It should be noted that it may not always be required to return the trimmer 59 to its retracted position after trimming of each edge of the book and that the trim carriage may be maintained in substantially its trimming position, moving only a minimal distance while the book is rotated from one trimming position to another. By not having to retract and advance the trimmer fully between its trim and retracted positions when trimming each edge of the book, the time required for trimming the book may be reduced. Furthermore, by moving the trimmer only a minimal amount, as needed during the rotation of the book, the book can remain positioned between the shear clamp 67 of the trimming carriage 61, albeit without the shear clamp firmly grasping the book, as the book is rotated. This prevents the opposite faces of the book cover from naturally splaying apart and where they could possibly fail to reenter the shear clamp 67.
An alternative embodiment of the printing and binding apparatus of the invention is shown in
The second, book printer assembly 200 comprises a printer 202 and a transfer mechanism 204. The printer 202 of the second, book printer assembly 200 is preferably a black and white printer that is identical to the printer 110 of the first, book page printer assembly described above. It should be understood, however, that the printer 202 of the second, book page printer assembly 200, could be any type of printer, including a color printer if so desired, and need not be identical to the printer 110 of the first, book page printer assembly. The second printer 202 is mounted to the frame 3 of the printing and binding apparatus 1 adjacent the trimming station TS at the opposite end of the workpath WP from the printer 110 of the first, book page printer assembly. Like the first, book page printer assembly, the printer 202 of the second, book page printer assembly 200 is preferably mounted to the printing and binding apparatus 1 by a support platform 206 that is attached to the frame 3 of the printing and binding apparatus by a vertically hinged support member 208. In general, the printer 202 of the second, book page printer assembly 200 functions identically to the printer of the first, book page printer to assembly.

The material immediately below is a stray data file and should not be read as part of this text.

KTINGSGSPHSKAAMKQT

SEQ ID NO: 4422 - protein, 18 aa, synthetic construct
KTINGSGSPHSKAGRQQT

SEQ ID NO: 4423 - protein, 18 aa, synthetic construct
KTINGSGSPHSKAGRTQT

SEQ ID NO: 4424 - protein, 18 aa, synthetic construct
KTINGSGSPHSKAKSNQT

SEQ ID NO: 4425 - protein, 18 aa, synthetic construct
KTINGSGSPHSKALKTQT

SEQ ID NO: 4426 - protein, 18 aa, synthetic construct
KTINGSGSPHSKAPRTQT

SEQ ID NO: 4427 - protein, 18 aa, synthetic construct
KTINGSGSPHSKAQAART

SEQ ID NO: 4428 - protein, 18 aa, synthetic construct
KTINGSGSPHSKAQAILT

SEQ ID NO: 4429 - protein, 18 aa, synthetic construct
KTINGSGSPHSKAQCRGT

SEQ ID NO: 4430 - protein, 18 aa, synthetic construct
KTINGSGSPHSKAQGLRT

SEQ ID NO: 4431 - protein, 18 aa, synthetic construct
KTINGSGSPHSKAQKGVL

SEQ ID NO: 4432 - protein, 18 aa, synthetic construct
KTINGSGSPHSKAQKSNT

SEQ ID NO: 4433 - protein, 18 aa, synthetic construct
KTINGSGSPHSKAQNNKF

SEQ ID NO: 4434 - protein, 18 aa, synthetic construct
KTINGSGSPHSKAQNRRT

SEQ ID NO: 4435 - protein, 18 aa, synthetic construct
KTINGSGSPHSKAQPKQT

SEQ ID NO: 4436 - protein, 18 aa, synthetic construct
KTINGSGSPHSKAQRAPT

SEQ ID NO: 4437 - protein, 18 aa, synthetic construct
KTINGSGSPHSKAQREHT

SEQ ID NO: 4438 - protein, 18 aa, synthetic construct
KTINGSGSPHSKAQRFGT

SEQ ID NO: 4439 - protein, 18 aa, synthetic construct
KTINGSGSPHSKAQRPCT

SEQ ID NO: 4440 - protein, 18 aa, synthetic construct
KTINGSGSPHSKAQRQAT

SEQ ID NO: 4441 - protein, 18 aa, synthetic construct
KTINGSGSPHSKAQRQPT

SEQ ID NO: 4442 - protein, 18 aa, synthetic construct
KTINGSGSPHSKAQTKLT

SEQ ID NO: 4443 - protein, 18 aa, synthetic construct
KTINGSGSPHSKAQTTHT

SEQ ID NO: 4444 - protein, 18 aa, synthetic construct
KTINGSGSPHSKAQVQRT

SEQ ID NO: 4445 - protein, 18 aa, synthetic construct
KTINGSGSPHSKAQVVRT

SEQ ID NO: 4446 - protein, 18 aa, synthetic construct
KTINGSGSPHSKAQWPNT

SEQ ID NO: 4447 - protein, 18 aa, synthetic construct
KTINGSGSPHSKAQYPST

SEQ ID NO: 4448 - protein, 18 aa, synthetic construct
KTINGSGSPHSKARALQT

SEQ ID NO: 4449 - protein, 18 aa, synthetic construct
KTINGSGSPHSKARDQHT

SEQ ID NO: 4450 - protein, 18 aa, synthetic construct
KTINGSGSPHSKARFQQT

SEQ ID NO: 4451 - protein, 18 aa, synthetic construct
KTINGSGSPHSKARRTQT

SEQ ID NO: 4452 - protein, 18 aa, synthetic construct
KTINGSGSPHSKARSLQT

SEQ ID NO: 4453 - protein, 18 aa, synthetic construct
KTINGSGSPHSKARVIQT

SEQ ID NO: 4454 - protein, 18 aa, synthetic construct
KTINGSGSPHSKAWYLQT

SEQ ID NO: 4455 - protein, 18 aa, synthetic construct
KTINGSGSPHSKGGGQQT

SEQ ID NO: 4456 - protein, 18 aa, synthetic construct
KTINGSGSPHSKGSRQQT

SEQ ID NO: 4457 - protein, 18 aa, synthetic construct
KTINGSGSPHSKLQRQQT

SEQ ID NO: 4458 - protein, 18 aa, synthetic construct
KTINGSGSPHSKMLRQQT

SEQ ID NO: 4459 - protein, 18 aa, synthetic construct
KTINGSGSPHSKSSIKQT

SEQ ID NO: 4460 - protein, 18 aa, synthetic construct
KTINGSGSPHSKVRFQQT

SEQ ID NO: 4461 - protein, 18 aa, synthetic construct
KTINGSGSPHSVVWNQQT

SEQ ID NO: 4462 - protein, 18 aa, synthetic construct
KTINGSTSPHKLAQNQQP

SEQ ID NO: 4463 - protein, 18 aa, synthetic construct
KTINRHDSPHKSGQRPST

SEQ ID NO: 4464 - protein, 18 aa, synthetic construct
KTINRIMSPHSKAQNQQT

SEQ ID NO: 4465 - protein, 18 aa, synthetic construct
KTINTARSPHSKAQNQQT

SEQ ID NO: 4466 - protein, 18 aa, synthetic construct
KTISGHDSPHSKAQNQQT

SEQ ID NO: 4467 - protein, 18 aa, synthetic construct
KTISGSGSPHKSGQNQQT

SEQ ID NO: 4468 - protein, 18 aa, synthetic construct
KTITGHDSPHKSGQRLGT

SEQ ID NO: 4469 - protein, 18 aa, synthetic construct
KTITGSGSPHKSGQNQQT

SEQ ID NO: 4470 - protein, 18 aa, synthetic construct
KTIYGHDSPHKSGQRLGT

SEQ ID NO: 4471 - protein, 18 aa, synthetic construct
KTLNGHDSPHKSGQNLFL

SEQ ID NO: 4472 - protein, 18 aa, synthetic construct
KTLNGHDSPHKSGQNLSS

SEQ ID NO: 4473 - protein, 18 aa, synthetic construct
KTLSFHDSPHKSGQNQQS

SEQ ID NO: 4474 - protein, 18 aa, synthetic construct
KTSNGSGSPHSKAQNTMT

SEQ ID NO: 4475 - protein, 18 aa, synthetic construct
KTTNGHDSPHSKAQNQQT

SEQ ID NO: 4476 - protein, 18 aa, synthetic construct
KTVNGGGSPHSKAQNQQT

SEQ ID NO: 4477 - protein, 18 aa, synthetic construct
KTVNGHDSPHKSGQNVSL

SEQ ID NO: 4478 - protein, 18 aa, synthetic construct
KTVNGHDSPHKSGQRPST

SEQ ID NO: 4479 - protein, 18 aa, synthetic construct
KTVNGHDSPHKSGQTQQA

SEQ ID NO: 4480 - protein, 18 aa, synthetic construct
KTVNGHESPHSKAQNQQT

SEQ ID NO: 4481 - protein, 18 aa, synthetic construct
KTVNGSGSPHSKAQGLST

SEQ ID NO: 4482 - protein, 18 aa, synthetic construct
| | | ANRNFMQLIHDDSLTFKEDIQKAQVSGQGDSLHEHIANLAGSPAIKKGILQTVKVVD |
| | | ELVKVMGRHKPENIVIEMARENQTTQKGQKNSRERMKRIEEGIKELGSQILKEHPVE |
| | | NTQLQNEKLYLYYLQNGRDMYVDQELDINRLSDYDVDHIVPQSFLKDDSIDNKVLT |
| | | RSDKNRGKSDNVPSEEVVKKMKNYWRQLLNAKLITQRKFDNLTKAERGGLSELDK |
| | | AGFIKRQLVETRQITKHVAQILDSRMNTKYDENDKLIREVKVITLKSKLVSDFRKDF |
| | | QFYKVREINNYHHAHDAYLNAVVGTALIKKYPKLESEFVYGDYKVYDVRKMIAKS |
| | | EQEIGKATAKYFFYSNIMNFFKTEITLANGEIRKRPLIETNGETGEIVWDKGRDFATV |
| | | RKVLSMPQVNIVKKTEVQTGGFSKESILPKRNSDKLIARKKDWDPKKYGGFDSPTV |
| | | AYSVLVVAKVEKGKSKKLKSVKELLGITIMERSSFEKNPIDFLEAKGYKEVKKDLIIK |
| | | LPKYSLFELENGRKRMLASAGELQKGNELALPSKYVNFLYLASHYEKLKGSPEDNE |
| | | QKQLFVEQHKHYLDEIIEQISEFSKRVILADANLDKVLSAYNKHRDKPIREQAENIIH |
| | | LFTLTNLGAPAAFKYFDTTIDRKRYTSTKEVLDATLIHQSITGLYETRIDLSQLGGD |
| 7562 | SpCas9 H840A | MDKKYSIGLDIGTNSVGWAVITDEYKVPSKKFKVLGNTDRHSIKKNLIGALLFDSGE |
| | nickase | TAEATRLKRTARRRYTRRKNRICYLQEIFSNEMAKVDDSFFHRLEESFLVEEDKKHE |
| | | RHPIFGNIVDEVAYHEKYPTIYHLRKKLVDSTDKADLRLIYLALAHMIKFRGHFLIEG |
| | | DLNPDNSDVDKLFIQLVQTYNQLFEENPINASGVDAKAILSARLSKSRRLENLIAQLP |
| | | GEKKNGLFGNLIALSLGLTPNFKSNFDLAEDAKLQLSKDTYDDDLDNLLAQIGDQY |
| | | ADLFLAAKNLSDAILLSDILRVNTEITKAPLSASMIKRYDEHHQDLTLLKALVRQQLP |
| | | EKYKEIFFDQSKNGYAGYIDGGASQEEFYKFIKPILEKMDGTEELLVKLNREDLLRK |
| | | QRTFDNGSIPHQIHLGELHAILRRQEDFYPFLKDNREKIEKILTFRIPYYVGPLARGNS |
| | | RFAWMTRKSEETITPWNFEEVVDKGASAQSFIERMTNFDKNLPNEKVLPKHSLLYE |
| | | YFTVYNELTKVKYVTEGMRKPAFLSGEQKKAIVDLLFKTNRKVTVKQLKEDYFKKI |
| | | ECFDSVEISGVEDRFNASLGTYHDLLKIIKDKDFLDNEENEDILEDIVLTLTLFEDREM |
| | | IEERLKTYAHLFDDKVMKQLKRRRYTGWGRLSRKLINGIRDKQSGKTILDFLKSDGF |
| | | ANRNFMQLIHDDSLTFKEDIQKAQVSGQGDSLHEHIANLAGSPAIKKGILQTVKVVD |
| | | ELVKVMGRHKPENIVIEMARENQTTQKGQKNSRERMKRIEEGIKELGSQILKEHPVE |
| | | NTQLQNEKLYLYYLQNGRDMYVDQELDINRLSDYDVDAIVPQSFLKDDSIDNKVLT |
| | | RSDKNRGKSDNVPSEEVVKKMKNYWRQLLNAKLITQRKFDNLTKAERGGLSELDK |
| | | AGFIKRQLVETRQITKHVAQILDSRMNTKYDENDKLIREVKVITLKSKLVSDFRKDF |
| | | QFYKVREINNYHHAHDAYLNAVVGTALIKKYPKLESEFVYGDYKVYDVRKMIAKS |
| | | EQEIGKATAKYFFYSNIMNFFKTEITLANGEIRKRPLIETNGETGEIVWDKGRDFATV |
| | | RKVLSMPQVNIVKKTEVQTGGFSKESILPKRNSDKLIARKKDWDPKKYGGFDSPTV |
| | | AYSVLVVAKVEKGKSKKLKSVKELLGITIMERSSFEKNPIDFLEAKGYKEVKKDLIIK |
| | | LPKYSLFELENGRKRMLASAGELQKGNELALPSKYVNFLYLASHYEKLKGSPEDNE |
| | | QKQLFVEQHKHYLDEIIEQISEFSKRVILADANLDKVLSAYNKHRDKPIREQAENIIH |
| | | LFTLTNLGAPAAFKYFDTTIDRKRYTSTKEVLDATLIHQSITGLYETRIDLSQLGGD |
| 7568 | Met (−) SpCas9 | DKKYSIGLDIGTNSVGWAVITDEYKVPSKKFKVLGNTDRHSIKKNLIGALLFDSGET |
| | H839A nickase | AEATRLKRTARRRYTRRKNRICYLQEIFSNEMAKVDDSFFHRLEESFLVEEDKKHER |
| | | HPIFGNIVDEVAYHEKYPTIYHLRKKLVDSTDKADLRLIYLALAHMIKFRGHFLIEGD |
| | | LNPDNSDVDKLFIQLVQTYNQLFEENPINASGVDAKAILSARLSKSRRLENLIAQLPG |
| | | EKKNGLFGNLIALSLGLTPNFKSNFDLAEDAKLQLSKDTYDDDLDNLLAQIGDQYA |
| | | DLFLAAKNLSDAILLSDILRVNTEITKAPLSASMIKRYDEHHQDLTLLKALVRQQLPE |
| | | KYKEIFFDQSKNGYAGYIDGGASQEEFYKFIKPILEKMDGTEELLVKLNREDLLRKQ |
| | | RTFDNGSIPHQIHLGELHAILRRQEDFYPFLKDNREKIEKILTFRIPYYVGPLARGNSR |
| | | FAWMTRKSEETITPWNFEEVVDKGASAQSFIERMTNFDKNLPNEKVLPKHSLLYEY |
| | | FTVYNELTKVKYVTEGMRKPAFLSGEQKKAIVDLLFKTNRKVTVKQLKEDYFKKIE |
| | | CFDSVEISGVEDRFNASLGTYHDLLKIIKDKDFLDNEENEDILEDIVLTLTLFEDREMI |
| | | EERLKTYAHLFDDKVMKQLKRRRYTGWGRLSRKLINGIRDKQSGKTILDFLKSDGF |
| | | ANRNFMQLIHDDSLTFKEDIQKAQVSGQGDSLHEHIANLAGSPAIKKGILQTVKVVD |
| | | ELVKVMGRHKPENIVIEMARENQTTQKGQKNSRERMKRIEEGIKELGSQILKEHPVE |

The transfer mechanism 204 of the second, book page printer assembly 200 comprises a rectangular tray 210 and a support bracket 212. The tray 210 is preferably a mirror image of the tray of the first, book page printer assembly and includes identical features such as a box shaped bin having first 214 and second 216 side walls, a rear wall 218, and a top wall 220, a vibrating mechanism 222 for initial jogging and collating of the printed pages of the book block, and a screw driven clamping arm 224. A shaft 226 is mounted to the support bracket 212 for rotation about the shaft's axis. The tray 210 is mounted on the shaft for rotation with the shaft. Like a mirror image of the shaft 132 of the first, book page printer assembly, the left most end 228 of the shaft 226 of the second, book page printer assembly is oriented slightly above the opposite right end 230 of the shaft such that the shaft and tray 210 are angled slightly from the horizontal.
Unlike the transfer mechanism 112 of the first, book page printer assembly, the support bracket 212 of the second, transfer mechanism 204 is constructed with a C-shaped portion 232 of the bracket that supports the opposite ends of the tray shaft 226. The C-shaped portion 232 is mounted to the frame 3 of the printing and binding apparatus 1 for pivoting movement about a vertical axis defined by a main support member 234 of the support bracket. This pivoting connection allows the C-shaped portion 232 of the bracket 212, along with the tray 210 mounted thereto, to swing between an operational position, as shown in
Due to the pivoting movement of the tray 210 and the C-shaped portion 232 of the support bracket 212 with respect to the printing and binding apparatus 1, the rotation of the tray shaft 226 with respect to the C-shaped portion of the support bracket is driven by an alternating current tray shaft drive motor 238 that is mounted directly to the C-shaped portion of the support bracket such that it can pivot therewith. When the C-shaped portion 232 of the support bracket 212 is in the operational position, the tray shaft drive motor 238 can be operated by the control system CONT 1 to selectively rotate the shaft, together with the tray 210, between a printed page receiving position shown in
In operation, the transfer mechanism 204 of the second, book page printer assembly 200 operates in a similar manner to the transfer mechanism 112 of the first, book page printer assembly. Thus, the transfer mechanism 204 receives pages from the printer 202 of the second, book page printer assembly 200 with the tray 210 in the printed page receiving position, initially jogs and collates the printed pages of a book block, clamps the printed book block on the tray, rotates the tray to its book block depositing position, and releases the book block to allow the book block to fall into the carriage 7, in the same manner as described above in reference to the first, book page printer assembly.